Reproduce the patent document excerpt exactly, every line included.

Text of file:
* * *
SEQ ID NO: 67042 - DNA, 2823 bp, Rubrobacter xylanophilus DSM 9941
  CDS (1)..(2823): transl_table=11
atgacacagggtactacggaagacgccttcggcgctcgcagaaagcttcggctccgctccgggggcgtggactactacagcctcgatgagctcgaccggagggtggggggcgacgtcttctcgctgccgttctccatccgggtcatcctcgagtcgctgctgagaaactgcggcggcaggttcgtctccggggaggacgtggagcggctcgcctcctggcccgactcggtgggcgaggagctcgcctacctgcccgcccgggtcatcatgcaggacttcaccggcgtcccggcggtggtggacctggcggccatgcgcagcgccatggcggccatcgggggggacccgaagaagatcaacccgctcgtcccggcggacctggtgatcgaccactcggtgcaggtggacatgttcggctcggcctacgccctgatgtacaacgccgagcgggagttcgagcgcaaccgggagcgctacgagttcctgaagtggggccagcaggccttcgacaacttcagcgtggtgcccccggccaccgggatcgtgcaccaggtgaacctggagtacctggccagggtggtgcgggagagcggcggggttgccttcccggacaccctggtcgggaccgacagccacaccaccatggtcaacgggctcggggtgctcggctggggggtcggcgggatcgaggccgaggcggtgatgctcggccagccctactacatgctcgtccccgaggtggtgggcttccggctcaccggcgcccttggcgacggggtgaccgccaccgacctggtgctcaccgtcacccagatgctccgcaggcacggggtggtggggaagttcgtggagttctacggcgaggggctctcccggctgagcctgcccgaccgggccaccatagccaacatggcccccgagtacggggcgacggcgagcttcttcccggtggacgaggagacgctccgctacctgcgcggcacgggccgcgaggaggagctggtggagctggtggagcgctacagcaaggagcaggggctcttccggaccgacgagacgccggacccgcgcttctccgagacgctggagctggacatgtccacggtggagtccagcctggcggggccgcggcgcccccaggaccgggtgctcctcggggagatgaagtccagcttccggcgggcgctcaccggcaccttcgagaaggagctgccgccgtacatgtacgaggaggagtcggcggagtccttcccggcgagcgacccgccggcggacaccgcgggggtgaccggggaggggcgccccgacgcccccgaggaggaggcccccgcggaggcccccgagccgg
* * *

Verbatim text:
SEQ ID NO: 67042 - DNA, 2823 bp, Rubrobacter xylanophilus DSM 9941
  CDS (1)..(2823): transl_table=11
atgacacagggtactacggaagacgccttcggcgctcgcagaaagcttcggctccgctccgggggcgtggactactacagcctcgatgagctcgaccggagggtggggggcgacgtcttctcgctgccgttctccatccgggtcatcctcgagtcgctgctgagaaactgcggcggcaggttcgtctccggggaggacgtggagcggctcgcctcctggcccgactcggtgggcgaggagctcgcctacctgcccgcccgggtcatcatgcaggacttcaccggcgtcccggcggtggtggacctggcggccatgcgcagcgccatggcggccatcgggggggacccgaagaagatcaacccgctcgtcccggcggacctggtgatcgaccactcggtgcaggtggacatgttcggctcggcctacgccctgatgtacaacgccgagcgggagttcgagcgcaaccgggagcgctacgagttcctgaagtggggccagcaggccttcgacaacttcagcgtggtgcccccggccaccgggatcgtgcaccaggtgaacctggagtacctggccagggtggtgcgggagagcggcggggttgccttcccggacaccctggtcgggaccgacagccacaccaccatggtcaacgggctcggggtgctcggctggggggtcggcgggatcgaggccgaggcggtgatgctcggccagccctactacatgctcgtccccgaggtggtgggcttccggctcaccggcgcccttggcgacggggtgaccgccaccgacctggtgctcaccgtcacccagatgctccgcaggcacggggtggtggggaagttcgtggagttctacggcgaggggctctcccggctgagcctgcccgaccgggccaccatagccaacatggcccccgagtacggggcgacggcgagcttcttcccggtggacgaggagacgctccgctacctgcgcggcacgggccgcgaggaggagctggtggagctggtggagcgctacagcaaggagcaggggctcttccggaccgacgagacgccggacccgcgcttctccgagacgctggagctggacatgtccacggtggagtccagcctggcggggccgcggcgcccccaggaccgggtgctcctcggggagatgaagtccagcttccggcgggcgctcaccggcaccttcgagaaggagctgccgccgtacatgtacgaggaggagtcggcggagtccttcccggcgagcgacccgccggcggacaccgcgggggtgaccggggaggggcgccccgacgcccccgaggaggaggcccccgcggaggcccccgagccgg